“Go, Illya,” Napoleon whispered. Illya set to work on the ropes, his fingers clumsy in the frigid air. “At least they didn’t strip us.”
“They didn’t need to. They knew the suits were brand new without any of our usual additions. Damn. These knots are tight.”
“It’s okay. Take your time,” Napoleon encouraged. “I guess they didn’t want us to freeze to death too quickly. It’ll take a couple of hours for that.”
A few minutes passed and Napoleon could feel the rope binding his hands growing looser. “You’re almost there, Illya.” Then a noise made them both freeze in place. It was distant, but growing louder. Suddenly the sound of nearby gunfire made them both jump and there was a flurry of footsteps around them.
“Did you get it?” It was Grimsson, his voice edged with fear. “What the hell was it?”
“Four times. It’s dead. I think it was a wolf.”
“It was a big cat, like a Siberian Tiger.”
There was a very different noise, a combination of a growl and a wail. ““No, it’s not. Where the hell is it?”
“Give it the UNCLE agents!” another voice shouted. “We can get away while it’s eating.”
Abruptly, Napoleon felt hands grabbing him, pulling him away from Illya. He struggled to get his hands free of the ropes binding them, then there was a scream and he was dropped unceremoniously to the ground. He couldn’t tell who made it, though. He fell back to the floor with a grunt. Around him, he could hear the sound of a battle. There were shouts, more gunfire, and more screaming. Something warm splattered against his face and then abruptly the noise stopped. The resulting silence was deafening.
“Napoleon, lie quietly,” Illya ordered. “Play dead.”
While Napoleon was the leader of their partnership, he knew better than to argue the point when Illya used that tone. There was the sound of heavy tread on the floor, so heavy the wood trembled upon impact.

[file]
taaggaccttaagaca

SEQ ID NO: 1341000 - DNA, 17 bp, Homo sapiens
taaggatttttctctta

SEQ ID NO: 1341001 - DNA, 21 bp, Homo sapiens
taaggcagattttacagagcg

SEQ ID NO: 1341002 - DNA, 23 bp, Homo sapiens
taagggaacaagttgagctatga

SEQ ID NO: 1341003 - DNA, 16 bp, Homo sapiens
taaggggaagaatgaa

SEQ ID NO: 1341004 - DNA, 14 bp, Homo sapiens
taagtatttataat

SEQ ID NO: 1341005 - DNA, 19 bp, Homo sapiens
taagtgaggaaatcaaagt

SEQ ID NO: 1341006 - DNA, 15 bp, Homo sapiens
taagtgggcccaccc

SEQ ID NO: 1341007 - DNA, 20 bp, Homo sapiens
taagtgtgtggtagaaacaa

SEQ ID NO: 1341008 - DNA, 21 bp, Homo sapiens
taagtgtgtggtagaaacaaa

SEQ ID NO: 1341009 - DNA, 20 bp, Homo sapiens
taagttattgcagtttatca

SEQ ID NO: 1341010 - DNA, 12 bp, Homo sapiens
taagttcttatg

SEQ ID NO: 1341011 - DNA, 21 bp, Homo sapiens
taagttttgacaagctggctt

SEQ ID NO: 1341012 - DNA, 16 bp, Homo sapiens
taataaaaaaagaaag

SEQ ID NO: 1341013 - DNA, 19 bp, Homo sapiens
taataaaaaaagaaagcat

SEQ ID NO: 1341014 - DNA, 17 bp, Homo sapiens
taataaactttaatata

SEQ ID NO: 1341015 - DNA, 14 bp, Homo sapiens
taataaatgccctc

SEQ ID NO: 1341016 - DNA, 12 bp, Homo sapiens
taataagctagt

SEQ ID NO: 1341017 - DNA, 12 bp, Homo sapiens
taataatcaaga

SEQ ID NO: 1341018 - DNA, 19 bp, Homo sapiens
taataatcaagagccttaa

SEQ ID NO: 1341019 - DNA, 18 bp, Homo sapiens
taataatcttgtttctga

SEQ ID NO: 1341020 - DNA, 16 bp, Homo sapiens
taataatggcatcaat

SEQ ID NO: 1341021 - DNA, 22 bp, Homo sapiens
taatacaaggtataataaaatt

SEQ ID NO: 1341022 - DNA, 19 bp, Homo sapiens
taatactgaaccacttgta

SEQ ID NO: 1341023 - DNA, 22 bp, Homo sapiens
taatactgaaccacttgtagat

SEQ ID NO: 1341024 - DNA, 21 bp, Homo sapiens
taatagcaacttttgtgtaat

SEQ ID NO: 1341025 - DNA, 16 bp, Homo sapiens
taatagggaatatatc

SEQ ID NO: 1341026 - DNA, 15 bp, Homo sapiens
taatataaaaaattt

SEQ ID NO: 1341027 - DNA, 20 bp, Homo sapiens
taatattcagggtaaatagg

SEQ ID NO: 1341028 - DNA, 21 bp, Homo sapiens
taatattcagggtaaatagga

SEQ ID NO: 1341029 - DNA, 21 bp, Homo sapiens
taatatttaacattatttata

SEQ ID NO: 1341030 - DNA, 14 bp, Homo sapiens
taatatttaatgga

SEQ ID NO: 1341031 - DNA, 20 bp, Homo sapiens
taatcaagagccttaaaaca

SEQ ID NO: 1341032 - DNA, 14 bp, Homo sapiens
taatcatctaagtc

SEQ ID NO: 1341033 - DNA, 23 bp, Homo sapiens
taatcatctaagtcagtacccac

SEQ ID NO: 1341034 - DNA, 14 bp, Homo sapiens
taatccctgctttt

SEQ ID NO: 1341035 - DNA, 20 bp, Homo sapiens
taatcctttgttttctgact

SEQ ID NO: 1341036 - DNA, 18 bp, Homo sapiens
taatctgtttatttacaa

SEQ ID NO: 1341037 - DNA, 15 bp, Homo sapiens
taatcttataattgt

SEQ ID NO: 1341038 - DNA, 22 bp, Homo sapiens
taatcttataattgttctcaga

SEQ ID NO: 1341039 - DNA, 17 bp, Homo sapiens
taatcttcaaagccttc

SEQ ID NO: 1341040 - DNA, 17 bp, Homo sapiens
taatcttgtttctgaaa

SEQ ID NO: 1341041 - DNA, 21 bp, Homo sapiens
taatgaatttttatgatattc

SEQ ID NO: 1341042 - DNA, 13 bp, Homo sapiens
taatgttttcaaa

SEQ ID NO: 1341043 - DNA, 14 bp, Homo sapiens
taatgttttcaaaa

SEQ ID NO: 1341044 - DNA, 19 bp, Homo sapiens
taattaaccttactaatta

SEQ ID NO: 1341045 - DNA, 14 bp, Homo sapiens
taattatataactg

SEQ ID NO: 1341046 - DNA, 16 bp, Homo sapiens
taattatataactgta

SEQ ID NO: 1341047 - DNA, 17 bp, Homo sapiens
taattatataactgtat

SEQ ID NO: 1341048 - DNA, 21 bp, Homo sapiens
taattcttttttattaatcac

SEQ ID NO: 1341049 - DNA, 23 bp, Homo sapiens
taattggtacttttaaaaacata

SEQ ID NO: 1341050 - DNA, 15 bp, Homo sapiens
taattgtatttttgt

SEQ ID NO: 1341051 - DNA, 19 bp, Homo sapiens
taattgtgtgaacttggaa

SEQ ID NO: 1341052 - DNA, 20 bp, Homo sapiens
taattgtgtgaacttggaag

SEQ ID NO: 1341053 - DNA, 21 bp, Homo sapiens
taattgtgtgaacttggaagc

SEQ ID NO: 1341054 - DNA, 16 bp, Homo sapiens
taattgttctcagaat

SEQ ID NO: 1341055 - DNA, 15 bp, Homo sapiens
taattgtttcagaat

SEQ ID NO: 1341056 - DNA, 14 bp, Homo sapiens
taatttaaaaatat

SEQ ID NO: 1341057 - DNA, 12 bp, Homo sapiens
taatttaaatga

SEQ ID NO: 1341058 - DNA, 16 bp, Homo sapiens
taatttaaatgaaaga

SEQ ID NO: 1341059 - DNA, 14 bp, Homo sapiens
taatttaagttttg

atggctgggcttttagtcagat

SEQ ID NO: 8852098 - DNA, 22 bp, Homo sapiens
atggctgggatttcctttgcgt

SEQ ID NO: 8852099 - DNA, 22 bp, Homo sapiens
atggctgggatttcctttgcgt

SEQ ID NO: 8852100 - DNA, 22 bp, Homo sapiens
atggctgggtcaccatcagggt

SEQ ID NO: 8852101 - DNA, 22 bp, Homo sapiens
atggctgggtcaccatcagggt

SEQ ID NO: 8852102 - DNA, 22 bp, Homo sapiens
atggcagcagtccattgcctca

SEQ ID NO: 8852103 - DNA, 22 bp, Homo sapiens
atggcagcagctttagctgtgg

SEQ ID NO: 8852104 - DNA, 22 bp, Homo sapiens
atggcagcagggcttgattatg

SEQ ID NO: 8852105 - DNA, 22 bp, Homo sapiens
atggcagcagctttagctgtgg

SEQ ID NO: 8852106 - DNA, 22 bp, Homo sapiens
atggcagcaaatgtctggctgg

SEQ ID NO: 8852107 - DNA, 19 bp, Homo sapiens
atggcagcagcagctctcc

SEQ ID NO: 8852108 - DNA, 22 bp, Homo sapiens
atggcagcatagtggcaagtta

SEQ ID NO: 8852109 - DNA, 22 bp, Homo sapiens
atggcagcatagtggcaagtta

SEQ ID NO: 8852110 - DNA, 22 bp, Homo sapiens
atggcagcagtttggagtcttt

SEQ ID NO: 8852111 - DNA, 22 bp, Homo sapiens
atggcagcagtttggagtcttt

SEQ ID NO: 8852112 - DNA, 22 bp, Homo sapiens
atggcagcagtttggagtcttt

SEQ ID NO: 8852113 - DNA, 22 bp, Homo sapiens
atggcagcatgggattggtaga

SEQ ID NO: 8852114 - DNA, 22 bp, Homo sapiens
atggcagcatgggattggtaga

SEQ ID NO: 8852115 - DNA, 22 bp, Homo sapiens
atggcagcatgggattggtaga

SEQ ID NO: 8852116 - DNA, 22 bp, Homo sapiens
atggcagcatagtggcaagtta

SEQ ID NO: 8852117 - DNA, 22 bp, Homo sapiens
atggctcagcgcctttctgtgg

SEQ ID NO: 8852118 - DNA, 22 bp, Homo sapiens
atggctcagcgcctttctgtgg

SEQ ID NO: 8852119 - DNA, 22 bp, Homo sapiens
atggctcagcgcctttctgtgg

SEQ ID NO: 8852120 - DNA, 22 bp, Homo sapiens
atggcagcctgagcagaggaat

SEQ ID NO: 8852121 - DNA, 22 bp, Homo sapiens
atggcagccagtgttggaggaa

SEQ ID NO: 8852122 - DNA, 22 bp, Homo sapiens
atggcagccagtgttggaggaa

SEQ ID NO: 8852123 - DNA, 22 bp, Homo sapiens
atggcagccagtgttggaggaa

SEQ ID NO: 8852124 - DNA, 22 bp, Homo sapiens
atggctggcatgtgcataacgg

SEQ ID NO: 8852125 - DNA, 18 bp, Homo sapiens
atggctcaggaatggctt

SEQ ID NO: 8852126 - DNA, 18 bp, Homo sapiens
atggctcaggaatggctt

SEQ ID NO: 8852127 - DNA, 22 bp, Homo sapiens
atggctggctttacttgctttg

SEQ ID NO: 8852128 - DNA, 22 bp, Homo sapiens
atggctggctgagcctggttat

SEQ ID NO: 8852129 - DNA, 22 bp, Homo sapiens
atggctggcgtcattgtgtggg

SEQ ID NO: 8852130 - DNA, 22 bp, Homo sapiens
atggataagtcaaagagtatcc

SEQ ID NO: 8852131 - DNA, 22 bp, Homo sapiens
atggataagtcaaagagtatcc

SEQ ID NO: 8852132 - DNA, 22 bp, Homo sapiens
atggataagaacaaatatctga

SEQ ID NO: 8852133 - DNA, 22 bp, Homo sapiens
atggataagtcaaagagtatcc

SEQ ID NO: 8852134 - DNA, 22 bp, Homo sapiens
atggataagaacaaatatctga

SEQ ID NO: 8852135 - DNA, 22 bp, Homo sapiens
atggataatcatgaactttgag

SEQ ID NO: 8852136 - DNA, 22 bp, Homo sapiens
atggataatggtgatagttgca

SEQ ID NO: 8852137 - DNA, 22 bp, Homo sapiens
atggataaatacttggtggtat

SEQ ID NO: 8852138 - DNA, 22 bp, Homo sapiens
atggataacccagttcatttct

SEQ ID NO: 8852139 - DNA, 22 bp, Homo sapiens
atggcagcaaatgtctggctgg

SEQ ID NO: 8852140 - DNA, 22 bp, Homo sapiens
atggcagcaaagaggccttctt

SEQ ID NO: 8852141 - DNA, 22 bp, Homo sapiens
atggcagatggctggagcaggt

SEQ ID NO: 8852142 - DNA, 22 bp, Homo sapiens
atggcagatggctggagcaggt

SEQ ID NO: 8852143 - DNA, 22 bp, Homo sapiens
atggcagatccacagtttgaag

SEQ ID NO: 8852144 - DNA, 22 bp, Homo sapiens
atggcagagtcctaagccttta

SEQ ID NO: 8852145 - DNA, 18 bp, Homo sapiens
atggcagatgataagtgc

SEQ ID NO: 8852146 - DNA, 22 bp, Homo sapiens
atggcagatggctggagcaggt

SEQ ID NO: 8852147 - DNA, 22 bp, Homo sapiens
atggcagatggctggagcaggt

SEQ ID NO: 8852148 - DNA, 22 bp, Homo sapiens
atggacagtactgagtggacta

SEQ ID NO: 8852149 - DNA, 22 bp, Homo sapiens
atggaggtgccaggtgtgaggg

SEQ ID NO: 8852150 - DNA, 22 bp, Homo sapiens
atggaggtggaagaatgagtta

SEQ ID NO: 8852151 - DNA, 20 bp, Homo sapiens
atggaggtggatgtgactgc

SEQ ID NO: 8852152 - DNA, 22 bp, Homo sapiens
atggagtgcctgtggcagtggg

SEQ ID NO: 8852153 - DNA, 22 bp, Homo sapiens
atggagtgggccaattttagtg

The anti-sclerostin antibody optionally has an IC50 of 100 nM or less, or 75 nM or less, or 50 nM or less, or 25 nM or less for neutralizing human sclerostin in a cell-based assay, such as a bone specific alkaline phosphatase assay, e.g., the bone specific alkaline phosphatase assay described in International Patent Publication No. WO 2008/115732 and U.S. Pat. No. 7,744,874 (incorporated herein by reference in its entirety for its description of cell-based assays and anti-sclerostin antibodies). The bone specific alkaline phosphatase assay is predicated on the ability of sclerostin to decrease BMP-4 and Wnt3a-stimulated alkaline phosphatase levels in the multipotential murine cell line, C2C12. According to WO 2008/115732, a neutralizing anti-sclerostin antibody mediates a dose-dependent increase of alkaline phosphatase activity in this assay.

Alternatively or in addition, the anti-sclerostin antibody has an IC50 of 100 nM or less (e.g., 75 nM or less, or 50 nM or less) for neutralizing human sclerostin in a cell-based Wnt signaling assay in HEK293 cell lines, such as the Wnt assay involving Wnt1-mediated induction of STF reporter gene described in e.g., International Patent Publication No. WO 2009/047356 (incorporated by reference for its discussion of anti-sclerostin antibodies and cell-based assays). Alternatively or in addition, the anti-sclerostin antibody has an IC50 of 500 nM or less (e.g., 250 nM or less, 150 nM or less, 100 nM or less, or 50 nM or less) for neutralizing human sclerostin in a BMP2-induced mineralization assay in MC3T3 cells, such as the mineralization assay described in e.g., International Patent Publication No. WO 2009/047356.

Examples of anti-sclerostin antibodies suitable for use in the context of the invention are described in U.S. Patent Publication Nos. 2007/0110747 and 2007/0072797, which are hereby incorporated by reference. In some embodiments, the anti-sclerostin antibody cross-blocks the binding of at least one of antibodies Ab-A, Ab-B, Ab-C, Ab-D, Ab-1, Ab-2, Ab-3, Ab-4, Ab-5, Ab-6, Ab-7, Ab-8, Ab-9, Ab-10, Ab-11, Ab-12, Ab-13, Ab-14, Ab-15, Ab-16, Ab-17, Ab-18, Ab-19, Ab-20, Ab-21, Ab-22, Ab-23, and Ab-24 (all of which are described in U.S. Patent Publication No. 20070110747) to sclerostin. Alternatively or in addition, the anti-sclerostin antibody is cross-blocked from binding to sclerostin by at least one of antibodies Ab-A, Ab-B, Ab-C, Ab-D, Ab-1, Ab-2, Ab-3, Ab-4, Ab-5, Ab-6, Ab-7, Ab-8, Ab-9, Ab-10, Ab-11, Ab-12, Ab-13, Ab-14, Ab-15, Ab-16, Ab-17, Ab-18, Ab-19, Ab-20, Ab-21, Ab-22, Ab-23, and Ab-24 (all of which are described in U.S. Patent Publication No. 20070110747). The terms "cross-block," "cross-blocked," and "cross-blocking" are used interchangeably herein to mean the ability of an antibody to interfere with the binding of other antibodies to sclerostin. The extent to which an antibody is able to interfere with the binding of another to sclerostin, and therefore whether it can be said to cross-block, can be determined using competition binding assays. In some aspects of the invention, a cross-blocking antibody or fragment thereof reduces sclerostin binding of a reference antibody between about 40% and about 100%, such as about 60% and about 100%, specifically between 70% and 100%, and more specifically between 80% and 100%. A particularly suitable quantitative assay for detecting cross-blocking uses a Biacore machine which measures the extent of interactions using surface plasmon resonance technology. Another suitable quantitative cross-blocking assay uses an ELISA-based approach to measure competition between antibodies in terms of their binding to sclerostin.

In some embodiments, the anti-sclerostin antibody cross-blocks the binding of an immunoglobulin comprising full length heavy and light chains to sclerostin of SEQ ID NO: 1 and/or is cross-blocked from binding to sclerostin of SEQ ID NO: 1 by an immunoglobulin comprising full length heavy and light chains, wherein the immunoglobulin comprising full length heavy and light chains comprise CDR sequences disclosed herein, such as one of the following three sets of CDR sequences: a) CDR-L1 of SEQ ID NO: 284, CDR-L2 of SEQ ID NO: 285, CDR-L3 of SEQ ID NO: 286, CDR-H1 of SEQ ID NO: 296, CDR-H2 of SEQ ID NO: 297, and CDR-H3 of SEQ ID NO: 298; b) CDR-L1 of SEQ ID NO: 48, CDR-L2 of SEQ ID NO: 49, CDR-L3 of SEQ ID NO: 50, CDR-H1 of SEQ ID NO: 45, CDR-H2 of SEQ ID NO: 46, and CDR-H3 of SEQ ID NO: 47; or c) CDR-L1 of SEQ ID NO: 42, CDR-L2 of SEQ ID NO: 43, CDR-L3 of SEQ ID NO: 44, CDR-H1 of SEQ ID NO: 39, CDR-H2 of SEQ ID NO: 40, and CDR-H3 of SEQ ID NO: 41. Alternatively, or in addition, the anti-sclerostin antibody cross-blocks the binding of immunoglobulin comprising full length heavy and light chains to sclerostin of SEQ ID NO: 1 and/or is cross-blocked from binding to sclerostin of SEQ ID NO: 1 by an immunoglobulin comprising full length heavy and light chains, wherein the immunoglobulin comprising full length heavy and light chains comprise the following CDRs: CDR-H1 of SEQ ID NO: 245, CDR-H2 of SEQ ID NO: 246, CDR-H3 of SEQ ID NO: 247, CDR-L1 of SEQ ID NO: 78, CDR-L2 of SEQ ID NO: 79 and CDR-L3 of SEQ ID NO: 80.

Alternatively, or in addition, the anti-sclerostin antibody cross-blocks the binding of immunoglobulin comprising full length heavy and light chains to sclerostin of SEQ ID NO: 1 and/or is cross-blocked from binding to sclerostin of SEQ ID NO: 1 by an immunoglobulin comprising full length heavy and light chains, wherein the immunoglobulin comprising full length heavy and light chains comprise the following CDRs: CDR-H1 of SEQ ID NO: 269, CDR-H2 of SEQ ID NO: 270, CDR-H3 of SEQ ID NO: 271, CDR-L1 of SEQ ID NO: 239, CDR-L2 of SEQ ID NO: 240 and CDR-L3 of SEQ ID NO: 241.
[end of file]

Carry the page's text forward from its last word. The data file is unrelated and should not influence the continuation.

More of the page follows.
There was a whine, low and longing, then fetid breath against his face. Every fiber of his being screamed to him to move, retreat, but instead he fought instinct and stayed rock still. He concentrated upon keeping his breathing shallow and slow. Eventually the footsteps retreated and nothing but the sound of his beating heart and the howling wind filled his ears.
“Illya?” he asked. “You okay? Can I move?”
“Yeah, I think so.” Illya managed to work the last knot free. “There!”
With relief, Napoleon shook his hand clear of the rope and pulled off his blindfold. “Oh, my god.”
“What?” Illya turned his head in the direction of Napoleon’s voice and he realized his partner was still blind and bound. The cloth was suddenly removed and Illya blinked painfully as Napoleon started to untie his own feet.
“Hang on.” Now completely free, he set to work on Illya’s bindings while the Russian did nothing more than stare at the carnage. It looked as if each man had been bitten in half and then shaken violently.
The rope dropped away and Illya got awkwardly to his feet, groaning as the circulation returned to his lower body. “What the hell happened?” He looked around. “It was a blood bath.” He glanced down at his red-stained suit. “Literally.”
“I don’t know, but I’m all for making tracks. Whatever attacked them might come back for more if it gets hungry again. Let’s go. We need to alert the authorities.”
“And tell them what, Napoleon?” There was a strange pitch to Illya’s voice and Napoleon glanced over at him and then down to where Illya was pointing. On the plank flooring, a large paw print stood out, red against the wood. “You don’t think…”
“That’s the nice part about this job, Illya. We get paid not to think. Let’s get out of here, partner.”
Hákarl (Fermented Shark)
Brennivín ("Black Death").
Harðfiskur (Dried fish)
Svið (Sheep's head)
The Yule Cat (Icelandic: Jólakötturinn or Jólaköttur) is a monster from Icelandic folklore, a huge and vicious cat said to lurk about the snowy countryside during Christmas time and eat people who have not received any new clothes to wear before Christmas Eve. The Yule Cat has become associated with other figures from Icelandic folklore as the house pet of the giantess Grýla and her sons, the Yule Lads. The threat of being eaten by the Yule Cat was used by farmers as an incentive for their workers to finish processing the autumn wool before Christmas. The ones who took part in the work would be rewarded with new clothes, but those who did not would get nothing and thus would be preyed upon by the monstrous cat. The cat has alternatively been interpreted as merely eating away the food of ones without new clothes during Christmas feasts. The perception of the Yule Cat as a man-eating beast was partly popularized by the poet Jóhannes úr Kötlum in his poem Jólakötturinn.